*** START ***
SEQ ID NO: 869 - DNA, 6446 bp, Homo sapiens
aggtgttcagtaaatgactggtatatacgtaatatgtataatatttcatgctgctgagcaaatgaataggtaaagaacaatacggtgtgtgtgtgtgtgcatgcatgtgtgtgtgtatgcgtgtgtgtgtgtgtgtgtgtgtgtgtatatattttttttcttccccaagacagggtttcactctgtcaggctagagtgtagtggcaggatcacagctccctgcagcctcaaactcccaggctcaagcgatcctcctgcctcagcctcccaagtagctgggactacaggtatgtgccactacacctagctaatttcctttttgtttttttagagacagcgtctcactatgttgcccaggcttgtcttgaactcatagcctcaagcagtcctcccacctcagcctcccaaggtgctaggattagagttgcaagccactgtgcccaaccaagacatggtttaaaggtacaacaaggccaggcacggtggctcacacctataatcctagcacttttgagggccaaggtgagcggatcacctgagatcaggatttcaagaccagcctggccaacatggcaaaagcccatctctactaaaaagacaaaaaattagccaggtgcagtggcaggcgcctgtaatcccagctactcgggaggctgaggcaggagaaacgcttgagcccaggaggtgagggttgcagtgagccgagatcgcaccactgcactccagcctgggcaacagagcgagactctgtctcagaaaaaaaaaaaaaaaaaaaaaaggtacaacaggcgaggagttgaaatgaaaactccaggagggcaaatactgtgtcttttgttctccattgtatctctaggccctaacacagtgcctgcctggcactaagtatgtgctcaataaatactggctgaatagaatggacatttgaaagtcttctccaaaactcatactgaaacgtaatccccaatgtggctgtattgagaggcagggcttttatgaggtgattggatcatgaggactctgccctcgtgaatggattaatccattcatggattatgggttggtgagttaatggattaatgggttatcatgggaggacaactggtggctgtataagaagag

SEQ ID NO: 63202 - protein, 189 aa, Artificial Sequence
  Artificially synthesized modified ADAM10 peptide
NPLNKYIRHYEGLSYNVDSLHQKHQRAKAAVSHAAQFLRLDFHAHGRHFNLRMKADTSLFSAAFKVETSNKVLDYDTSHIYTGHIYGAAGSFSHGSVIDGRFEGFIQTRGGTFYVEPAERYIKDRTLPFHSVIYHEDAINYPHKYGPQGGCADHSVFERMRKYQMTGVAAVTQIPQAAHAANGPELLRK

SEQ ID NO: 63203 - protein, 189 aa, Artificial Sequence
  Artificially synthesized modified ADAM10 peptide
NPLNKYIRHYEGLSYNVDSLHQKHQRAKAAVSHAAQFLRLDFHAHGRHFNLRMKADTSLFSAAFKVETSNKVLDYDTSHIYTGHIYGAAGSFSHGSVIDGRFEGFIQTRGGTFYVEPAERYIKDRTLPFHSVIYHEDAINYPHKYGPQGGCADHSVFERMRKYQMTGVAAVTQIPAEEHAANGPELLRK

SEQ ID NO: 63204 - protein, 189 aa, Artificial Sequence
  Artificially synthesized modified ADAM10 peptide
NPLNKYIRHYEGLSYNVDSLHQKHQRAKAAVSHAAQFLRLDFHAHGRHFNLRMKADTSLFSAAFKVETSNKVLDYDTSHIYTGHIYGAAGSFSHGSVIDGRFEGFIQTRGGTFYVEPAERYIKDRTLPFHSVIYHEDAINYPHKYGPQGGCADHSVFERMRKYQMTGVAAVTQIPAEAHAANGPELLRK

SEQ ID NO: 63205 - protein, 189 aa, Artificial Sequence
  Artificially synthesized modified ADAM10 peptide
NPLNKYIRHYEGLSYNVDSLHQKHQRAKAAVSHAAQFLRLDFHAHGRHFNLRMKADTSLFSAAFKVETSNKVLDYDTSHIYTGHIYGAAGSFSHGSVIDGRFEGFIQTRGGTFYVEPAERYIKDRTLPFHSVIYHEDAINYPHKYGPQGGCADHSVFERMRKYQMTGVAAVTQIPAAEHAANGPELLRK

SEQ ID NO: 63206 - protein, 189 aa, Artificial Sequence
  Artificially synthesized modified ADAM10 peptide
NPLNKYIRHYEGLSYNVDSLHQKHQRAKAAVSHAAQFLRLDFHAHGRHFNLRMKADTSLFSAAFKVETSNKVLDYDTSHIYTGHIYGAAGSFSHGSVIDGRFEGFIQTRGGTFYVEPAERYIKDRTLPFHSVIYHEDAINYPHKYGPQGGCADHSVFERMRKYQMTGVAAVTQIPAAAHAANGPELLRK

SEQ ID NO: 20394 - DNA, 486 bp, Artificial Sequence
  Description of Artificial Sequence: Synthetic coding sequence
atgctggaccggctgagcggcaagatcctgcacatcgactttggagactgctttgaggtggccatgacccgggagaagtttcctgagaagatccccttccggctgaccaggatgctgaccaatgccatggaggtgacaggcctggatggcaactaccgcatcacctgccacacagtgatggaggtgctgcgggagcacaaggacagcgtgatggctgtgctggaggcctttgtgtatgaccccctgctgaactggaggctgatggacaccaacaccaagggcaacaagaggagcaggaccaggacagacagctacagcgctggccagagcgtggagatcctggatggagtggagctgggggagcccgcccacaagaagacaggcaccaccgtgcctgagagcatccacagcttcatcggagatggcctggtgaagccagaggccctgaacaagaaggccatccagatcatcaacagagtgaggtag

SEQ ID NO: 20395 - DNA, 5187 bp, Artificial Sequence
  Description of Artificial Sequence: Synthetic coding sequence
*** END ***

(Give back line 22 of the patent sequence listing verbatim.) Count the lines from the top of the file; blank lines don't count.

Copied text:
  Description of Artificial Sequence: Synthetic coding sequence